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After 15 years on the road, City and Colour is playing it by ear

Dallas Green, who performs as City and Colour, will celebrate his birthday with a show at the Knitting Factory on Friday. (Alysse Gafkjen)
Dallas Green, who performs as City and Colour, will celebrate his birthday with a show at the Knitting Factory on Friday. (Alysse Gafkjen)

Canadian folk singer-songwriter Dallas Green, who performs as City and Colour (get it?), released his fifth studio album, “If I Should Go Before You,” in 2015.

Since then, Green has been touring nearly nonstop in support of the record.

Past City and Colour releases received the same two-year tour cycle, as did albums Green released as part of post-hardcore band Alexisonfire.

Between the two projects, Green has released nine studio albums. He also released an album called “Rose Ave.” with singer Alecia Moore, aka Pink, in 2014 as a duo called You + Me.

To make a long story short, Green has spent a majority of the last 15 years on the road.

He swears he’s going to take a break after each tour cycle but inevitably finds himself back in the studio or booking another run of dates.

But this time he means it, making his Friday show at the Knitting Factory one of his last for awhile.

In an email interview, Green talked with the Spokesman about how “If I Should Go Before You” came together, looking back on past achievements and what the future holds.

Q: If Wikipedia is correct, your birthday is the same day as your Spokane show. How do you celebrate a birthday on the road?

A: We have a lot of fun for everyone’s birthday. On normal days we are the type of people that take a joke to extremes but for birthdays we go overboard, in the best way possible. We always get the best cakes, deck out the dressing rooms and sometimes buy costumes - depends on the theme. My birthday falling on a show day is awesome. I always worry if I’ll have a good show and I feel like no matter what, it will be a great night.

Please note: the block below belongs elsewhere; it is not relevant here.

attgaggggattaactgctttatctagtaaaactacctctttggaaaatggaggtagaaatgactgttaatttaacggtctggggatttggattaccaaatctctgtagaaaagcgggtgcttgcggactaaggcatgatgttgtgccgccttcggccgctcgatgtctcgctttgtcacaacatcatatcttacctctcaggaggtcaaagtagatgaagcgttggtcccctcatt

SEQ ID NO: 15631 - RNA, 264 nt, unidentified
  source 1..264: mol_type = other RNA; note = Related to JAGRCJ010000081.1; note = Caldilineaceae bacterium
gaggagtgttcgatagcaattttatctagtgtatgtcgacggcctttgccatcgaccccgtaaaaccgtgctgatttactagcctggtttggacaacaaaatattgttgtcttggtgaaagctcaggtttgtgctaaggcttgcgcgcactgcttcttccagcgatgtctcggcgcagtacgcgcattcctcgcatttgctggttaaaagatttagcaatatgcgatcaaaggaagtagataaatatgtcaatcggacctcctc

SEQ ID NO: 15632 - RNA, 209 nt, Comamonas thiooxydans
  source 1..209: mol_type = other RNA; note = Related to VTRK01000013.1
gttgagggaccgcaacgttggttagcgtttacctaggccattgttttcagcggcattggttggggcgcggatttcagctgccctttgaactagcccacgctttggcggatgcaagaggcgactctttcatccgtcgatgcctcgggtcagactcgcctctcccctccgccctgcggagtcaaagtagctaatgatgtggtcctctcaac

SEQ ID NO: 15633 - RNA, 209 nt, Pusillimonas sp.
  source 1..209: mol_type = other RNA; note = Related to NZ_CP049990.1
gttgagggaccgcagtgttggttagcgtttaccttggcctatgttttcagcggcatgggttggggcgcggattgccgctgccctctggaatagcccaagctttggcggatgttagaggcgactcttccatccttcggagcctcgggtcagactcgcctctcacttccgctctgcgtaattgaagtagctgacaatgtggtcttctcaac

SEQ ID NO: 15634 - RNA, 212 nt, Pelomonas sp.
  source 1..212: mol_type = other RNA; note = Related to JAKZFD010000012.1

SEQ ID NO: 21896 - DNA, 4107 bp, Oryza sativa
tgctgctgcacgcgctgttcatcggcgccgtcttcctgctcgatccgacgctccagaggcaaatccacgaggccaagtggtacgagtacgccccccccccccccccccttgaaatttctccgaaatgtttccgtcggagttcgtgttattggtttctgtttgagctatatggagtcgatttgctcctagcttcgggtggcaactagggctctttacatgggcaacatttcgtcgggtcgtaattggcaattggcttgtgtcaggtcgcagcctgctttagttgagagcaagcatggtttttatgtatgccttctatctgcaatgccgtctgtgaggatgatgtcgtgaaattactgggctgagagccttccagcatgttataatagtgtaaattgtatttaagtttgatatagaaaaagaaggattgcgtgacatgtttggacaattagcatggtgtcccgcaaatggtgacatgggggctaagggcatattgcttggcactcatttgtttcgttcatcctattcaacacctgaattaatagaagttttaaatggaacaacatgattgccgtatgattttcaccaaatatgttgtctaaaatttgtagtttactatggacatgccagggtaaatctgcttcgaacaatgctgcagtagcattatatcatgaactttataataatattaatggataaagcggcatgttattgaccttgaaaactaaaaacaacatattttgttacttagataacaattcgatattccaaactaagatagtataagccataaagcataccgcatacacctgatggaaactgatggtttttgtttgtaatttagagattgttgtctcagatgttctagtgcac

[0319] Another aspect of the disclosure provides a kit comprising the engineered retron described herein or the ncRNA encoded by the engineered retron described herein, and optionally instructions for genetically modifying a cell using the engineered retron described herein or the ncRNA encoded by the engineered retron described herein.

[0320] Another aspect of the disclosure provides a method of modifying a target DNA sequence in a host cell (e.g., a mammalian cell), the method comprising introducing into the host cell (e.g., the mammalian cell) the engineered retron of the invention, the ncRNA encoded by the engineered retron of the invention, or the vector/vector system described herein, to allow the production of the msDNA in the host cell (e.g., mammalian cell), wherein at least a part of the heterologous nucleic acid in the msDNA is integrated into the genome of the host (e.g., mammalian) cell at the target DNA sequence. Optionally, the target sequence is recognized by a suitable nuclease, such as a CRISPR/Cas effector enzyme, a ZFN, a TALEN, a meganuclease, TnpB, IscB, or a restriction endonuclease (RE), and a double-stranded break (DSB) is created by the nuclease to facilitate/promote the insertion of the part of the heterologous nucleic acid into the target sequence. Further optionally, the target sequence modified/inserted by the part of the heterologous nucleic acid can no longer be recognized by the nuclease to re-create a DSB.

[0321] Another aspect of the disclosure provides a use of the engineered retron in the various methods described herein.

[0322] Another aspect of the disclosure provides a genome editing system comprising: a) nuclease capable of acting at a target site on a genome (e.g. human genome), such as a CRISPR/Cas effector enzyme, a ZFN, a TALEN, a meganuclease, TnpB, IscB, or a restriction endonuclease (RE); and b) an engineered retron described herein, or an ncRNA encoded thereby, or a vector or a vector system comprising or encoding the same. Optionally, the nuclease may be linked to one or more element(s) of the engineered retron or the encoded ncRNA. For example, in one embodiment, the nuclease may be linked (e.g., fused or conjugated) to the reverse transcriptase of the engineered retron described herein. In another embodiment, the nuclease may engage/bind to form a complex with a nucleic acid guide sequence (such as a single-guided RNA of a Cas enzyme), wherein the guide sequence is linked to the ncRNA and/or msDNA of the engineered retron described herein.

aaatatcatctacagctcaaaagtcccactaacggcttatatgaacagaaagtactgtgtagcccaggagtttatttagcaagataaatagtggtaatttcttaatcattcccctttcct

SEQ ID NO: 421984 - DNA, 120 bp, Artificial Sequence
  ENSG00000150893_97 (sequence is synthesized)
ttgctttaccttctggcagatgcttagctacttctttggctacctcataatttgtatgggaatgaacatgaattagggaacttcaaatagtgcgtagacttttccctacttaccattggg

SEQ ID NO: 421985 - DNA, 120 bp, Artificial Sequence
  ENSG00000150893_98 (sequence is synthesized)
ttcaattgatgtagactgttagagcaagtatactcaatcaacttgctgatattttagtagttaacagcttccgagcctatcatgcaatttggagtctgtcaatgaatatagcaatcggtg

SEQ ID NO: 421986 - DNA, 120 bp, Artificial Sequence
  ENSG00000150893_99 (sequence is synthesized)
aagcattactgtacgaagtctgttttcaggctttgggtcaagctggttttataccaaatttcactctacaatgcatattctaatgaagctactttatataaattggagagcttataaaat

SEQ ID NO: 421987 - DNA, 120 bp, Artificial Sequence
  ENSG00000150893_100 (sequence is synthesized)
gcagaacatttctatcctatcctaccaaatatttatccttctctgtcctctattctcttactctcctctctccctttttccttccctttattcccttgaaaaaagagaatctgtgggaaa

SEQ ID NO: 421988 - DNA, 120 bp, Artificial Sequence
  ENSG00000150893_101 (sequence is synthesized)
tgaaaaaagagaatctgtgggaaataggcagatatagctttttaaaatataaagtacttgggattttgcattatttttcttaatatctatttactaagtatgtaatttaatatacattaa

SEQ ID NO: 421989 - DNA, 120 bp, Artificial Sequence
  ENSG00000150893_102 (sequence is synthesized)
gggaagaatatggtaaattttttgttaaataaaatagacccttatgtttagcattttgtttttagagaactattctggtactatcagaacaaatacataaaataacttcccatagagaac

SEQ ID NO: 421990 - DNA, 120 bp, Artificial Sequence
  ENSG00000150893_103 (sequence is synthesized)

Q: I read in your website bio that you were keen on producing “If I Should Go Before You” yourself. Why was producing the record yourself so important to you?

A: This was my fifth City and Colour record and my eleventh studio album overall. I wanted to approach it a little differently and try to see if I could do it on my own. I’ve always had a hand in working really closely with every producer I’ve worked with in the past. I did the same for “Bring Me Your Love” and was really proud of that album. I think producing other bands is something I’d like to give a try one day.

Q: “If I Should Go Before You” is your second album working with Dante, Doug, Jack and Matt. How did you five meet?

A: This was actually the first time I recorded with all of them. We’ve been touring together for a few years though - right after the release of “The Hurry and the Harm.” Recording with all of them was the best experience and it shows in the songs. Jack was the only one that was in the studio with me previously. We actually met when he played bass on “The Hurry and the Harm.” Everyone else started out as the live band. After touring with the guys for the last album cycle I knew there was no question we needed to record together.